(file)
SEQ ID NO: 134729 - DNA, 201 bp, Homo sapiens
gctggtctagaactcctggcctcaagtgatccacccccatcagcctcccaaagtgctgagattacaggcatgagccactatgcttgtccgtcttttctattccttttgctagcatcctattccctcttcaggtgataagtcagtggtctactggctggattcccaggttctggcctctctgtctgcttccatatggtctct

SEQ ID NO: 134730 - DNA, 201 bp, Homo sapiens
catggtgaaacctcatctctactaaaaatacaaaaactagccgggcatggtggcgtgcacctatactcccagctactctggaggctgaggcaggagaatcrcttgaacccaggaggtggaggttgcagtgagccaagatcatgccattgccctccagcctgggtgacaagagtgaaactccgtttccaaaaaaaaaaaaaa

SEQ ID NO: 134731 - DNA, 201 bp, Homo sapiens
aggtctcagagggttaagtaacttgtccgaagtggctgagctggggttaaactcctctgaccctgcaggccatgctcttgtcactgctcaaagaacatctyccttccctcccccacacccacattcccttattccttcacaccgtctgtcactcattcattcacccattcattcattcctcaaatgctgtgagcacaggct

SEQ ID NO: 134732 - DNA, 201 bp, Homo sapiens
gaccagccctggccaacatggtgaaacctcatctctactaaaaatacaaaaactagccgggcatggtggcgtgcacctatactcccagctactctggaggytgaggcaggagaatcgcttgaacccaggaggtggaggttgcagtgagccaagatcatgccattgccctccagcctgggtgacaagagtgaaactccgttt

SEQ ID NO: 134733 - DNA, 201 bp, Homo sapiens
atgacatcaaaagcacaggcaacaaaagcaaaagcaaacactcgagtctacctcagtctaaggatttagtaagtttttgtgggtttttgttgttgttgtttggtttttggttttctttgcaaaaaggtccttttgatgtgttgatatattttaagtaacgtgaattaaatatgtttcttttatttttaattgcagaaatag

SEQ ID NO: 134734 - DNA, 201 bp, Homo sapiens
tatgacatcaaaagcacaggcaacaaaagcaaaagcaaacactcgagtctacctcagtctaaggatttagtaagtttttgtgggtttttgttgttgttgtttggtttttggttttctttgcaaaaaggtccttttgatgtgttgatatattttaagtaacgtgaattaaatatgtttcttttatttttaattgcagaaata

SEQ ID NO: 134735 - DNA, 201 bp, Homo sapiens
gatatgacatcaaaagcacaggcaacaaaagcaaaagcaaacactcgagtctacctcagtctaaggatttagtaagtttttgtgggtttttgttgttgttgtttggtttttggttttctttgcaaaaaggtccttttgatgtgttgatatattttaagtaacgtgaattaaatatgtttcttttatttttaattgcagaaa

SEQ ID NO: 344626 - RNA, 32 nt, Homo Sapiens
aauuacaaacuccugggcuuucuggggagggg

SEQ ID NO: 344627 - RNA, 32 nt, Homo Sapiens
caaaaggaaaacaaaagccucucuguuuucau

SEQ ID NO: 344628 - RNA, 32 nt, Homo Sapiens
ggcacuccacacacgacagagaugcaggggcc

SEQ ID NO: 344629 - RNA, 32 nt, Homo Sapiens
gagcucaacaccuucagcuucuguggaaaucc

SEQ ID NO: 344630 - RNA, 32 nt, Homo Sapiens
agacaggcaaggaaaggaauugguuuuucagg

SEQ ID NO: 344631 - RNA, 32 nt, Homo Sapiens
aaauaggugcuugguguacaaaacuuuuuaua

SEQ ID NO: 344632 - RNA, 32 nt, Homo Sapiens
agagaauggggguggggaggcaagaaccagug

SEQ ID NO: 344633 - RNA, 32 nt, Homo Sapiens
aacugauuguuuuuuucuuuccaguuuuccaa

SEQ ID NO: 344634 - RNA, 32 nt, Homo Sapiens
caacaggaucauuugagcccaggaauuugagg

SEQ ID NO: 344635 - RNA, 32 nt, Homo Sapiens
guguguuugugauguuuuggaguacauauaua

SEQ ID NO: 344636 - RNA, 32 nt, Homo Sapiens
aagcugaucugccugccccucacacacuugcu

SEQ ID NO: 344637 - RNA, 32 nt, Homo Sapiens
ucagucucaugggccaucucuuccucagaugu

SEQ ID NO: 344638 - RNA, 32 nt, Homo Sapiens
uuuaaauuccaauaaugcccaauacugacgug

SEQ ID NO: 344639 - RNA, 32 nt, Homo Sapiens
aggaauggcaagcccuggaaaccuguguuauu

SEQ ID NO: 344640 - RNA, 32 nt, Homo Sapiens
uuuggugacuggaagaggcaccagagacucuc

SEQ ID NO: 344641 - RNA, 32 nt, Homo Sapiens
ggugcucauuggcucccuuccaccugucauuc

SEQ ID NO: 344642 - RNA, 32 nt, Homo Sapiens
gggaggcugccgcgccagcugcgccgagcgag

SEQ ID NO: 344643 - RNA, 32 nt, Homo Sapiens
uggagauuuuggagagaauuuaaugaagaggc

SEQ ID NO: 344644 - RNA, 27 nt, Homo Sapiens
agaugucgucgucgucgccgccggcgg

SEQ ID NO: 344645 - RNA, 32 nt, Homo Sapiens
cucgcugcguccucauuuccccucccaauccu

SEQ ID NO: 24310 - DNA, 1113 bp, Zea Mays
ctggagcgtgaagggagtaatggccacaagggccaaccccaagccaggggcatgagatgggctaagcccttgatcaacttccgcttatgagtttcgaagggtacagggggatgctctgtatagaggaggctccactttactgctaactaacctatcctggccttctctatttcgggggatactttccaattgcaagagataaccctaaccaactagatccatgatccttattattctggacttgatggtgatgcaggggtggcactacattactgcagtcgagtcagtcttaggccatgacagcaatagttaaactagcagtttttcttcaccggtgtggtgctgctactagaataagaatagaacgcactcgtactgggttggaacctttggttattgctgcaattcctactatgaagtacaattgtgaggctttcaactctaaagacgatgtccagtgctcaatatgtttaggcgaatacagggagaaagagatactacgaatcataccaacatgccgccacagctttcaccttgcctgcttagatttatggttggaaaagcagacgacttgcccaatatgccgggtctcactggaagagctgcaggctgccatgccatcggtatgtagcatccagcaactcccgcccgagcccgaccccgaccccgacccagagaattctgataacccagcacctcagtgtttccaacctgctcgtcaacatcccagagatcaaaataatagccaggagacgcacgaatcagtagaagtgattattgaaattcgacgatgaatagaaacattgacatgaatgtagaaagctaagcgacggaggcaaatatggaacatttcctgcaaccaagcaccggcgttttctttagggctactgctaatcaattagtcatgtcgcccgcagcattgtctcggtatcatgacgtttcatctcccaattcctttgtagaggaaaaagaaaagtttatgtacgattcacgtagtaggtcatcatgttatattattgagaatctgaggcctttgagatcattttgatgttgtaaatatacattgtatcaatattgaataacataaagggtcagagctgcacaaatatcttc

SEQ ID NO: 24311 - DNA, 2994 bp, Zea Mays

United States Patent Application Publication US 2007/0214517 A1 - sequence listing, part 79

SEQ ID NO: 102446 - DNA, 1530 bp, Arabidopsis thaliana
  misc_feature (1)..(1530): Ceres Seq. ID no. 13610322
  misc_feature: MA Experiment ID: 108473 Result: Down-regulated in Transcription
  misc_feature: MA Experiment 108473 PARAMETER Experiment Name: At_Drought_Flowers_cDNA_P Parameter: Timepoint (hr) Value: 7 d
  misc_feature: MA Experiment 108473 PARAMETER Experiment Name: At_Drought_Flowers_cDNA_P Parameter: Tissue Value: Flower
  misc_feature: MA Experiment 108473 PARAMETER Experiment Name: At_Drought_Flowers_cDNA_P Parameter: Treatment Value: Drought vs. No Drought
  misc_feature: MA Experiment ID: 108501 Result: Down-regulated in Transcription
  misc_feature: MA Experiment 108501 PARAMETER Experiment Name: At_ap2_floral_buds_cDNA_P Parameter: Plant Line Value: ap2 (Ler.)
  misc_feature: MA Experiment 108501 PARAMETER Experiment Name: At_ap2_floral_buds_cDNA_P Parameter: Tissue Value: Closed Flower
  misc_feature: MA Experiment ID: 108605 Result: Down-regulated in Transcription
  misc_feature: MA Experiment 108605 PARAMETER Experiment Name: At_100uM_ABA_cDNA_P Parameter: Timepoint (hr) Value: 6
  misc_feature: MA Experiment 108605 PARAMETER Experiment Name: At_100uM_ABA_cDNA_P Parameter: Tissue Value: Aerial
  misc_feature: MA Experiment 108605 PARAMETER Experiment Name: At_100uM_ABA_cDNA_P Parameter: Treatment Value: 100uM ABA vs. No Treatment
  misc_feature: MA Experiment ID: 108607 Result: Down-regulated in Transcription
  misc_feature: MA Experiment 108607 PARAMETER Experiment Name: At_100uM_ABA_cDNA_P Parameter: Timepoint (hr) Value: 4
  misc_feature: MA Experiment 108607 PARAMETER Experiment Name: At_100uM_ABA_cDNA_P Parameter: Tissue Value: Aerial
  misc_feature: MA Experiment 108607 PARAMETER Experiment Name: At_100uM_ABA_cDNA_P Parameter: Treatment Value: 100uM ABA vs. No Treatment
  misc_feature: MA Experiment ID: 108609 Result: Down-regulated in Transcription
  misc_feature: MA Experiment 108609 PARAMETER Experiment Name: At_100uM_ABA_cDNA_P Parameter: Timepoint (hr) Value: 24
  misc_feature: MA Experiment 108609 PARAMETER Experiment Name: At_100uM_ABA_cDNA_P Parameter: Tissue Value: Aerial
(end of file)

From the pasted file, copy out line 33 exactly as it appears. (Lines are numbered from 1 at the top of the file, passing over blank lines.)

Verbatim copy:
SEQ ID NO: 344635 - RNA, 32 nt, Homo Sapiens